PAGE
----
Economic reconciliation presents opportunities for Indigenous lawyers and business owners

Need for lawyers restructuring, tax and corporate law, says Gowlings partner

Economic reconciliation presents opportunities for Indigenous lawyers and business owners
Jaimie Lickers

There is a need for more corporate and business lawyers with Indigenous backgrounds, says Jaimie Lickers, an indigenous rights lawyer and a partner in Gowling WLG's Hamilton office. 

While it may seem like litigators are “a dime a dozen,” her clients struggle to find corporate and tax lawyers, says Lickers, who made the remarks on Gowling’s diversity and inclusion podcast. The podcast just premiered its fourth season. 

“[W]e need more Indigenous lawyers practicing in the areas of law that we wouldn't traditionally associate with Indigenous law,” she says in the podcast. “We need corporate lawyers. We need people who can provide sophisticated structuring advice, to increasingly sophisticated First Nations clients, who are looking to do business in a way that is comparable with companies in the mainstream . . . . They need corporate governance experts. They need structuring experts. They need tax experts. They need securities lawyers and transactional lawyers. They need real estate lawyers.” 

In its strict legal sense reconciliation is the attempt to reconcile the existing occupation, the prior existence of First Nations and Indigenous people in North America, with the assertion of Crown sovereignty, says Lickers, who grew up in the Iroquois community of Six Nations of the Grand River in Southern Ontario.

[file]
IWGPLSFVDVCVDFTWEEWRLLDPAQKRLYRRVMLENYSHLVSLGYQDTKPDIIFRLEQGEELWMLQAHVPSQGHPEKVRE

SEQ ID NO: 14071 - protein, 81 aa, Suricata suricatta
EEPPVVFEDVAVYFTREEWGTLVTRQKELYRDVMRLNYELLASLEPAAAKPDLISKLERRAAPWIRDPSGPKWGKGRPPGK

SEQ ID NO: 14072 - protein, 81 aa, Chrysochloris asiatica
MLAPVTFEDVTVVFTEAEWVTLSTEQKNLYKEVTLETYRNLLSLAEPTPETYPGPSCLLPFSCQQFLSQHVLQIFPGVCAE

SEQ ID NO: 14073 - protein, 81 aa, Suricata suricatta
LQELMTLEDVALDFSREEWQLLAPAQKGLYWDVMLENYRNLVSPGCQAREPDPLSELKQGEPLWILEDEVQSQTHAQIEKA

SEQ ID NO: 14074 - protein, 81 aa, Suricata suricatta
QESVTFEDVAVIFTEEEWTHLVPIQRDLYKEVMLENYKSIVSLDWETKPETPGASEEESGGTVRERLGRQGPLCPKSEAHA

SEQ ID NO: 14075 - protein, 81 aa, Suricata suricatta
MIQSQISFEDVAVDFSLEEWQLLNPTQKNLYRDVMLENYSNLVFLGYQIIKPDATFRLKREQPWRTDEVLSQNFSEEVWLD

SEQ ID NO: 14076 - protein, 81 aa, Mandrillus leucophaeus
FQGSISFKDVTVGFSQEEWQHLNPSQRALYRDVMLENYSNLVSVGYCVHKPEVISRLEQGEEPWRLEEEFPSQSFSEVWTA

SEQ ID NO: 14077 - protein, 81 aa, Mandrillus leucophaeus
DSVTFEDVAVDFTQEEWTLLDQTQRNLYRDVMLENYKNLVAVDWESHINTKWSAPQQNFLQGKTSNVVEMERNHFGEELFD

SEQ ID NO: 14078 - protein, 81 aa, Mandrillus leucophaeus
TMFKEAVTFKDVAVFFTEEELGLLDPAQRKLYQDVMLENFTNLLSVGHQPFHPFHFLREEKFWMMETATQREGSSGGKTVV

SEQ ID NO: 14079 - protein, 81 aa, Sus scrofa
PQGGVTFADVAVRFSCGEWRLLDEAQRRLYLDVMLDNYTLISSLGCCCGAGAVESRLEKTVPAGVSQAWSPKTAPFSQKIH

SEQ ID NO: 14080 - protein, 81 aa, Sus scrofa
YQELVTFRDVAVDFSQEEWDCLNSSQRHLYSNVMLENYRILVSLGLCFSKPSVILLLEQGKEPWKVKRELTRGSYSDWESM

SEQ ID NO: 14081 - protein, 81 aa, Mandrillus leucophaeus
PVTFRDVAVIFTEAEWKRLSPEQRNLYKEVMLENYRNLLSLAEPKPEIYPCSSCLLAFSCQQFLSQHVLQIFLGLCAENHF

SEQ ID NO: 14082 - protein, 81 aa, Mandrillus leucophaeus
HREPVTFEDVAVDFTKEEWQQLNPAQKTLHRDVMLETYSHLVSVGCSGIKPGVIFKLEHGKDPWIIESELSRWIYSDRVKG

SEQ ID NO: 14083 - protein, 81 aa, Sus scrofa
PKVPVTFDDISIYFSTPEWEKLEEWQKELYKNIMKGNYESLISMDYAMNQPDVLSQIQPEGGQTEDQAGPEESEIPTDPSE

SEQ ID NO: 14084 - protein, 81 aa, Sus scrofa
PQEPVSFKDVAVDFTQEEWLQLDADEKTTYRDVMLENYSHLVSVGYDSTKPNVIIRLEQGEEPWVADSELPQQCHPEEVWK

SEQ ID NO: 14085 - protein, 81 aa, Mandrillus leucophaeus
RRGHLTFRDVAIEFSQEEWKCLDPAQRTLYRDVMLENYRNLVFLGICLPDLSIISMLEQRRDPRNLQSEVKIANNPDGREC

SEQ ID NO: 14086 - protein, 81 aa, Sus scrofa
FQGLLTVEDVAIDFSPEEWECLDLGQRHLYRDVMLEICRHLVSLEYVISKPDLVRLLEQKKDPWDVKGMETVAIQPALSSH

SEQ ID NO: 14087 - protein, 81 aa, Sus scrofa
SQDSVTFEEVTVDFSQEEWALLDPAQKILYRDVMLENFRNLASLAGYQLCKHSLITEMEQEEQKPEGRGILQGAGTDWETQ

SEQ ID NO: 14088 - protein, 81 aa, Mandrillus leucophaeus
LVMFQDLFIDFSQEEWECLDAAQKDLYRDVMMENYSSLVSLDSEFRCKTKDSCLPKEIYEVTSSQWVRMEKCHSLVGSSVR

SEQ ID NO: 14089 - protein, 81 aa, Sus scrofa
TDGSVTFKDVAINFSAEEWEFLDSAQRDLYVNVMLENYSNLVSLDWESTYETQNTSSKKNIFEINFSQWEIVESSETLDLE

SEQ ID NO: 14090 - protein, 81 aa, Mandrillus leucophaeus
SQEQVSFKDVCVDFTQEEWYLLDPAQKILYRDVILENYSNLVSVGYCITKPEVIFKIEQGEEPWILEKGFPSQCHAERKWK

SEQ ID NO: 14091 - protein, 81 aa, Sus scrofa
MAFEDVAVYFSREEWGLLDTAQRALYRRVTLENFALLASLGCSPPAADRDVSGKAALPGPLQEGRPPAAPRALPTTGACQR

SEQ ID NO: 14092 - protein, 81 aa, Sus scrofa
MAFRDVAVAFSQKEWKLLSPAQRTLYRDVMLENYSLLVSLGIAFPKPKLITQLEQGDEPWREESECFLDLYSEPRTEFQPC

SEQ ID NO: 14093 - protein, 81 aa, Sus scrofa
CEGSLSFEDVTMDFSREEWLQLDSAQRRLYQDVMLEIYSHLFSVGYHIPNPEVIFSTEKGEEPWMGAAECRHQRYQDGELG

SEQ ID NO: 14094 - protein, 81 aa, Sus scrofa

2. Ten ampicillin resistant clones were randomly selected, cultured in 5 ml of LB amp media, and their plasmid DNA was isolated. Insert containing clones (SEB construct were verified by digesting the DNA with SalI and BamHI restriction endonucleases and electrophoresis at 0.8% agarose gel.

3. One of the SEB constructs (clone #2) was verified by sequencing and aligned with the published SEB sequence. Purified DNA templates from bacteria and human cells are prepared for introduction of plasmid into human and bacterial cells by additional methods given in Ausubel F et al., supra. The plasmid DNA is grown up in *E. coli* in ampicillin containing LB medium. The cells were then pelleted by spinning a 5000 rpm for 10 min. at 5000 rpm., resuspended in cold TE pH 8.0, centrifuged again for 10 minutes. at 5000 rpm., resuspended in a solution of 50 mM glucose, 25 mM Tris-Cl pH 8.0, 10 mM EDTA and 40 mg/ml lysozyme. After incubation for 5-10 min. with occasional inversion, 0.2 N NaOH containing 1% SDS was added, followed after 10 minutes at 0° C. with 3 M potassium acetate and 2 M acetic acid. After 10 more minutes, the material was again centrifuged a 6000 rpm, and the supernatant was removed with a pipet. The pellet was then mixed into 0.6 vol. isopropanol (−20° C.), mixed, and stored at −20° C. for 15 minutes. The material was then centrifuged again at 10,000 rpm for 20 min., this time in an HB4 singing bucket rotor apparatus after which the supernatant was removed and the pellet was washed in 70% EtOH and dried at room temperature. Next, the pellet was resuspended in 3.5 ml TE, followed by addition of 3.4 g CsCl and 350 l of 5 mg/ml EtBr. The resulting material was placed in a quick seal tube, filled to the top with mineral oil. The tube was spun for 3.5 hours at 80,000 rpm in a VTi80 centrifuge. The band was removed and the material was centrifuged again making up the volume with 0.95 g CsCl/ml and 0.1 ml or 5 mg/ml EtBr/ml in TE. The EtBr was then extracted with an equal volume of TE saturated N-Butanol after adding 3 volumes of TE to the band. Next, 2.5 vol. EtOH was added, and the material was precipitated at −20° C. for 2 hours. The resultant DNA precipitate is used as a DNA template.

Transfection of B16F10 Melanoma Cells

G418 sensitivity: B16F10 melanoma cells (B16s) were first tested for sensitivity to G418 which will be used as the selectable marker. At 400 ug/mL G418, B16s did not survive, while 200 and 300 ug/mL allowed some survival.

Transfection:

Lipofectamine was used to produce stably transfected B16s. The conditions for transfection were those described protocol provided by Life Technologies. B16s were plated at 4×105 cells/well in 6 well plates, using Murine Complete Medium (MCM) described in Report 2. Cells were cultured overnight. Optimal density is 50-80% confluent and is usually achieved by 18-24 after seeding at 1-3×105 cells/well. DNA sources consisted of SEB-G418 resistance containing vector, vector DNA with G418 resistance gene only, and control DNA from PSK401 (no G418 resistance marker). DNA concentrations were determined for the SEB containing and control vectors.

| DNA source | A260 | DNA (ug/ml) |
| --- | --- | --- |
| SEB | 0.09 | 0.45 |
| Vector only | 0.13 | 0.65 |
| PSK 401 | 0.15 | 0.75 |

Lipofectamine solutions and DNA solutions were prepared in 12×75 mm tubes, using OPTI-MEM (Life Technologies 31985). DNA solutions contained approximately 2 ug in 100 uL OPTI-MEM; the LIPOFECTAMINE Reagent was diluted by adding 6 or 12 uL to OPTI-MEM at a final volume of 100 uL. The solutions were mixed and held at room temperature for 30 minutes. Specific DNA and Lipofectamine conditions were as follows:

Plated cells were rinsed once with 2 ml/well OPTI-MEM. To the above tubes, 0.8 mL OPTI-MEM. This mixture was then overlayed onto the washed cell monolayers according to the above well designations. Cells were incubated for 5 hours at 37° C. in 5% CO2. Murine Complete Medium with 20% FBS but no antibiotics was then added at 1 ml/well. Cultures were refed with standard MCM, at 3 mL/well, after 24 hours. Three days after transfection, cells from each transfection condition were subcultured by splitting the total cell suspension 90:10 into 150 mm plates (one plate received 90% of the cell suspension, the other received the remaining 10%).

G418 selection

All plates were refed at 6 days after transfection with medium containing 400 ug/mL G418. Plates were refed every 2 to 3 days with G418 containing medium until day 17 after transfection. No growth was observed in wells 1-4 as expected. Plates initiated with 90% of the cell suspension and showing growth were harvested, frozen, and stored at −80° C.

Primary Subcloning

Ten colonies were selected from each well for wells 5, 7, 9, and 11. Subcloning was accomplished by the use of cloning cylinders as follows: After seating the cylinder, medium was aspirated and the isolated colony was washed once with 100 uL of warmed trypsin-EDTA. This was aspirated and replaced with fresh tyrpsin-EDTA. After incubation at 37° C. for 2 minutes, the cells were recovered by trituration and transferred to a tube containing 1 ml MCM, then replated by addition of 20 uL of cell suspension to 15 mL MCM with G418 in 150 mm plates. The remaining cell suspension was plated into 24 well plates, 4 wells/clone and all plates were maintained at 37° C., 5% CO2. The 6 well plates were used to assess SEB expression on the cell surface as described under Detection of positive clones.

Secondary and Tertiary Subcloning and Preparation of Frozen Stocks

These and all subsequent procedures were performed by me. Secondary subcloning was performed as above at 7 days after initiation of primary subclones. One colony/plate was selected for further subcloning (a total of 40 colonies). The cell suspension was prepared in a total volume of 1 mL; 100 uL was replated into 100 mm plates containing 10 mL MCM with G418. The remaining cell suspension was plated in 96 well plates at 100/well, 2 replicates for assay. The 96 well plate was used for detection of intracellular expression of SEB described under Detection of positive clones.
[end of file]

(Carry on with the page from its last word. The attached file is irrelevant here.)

“But in so many ways it's become a lot more than that legal reconciliation,” she says. “A hot topic right now is the topic of economic reconciliation, and the question of overcoming the stereotypes of Indigenous people as unproductive members of society — or as somehow failing to contribute to the wealth and the health and the success of the Canadian economy — which couldn't be farther from the truth.” 

There may be opportunities for young indigenous lawyers in this area, she says. 

“I know how much dedication it takes and how hard you really have to fight for that dream of being a lawyer. It was not that long ago in history that you could not be both a status Indian and a lawyer in Canada,” says Lickers. 

Lickers also says that Canada’s 24 law schools — of which nine are in Ontario — are all over the map in terms of making “a real commitment to Indigenous content.” 

“There continue to be significant legal issues that arise as a result of the failure to have true reconciliation right now. You don't have to read that many cases on Indigenous legal issues to see these struggles arise by judges and by the application of the common law,” says Lickers in the recording. “What can non-Indigenous law students do to advance reconciliation? First of all, I think you could demand that content from your law schools.”

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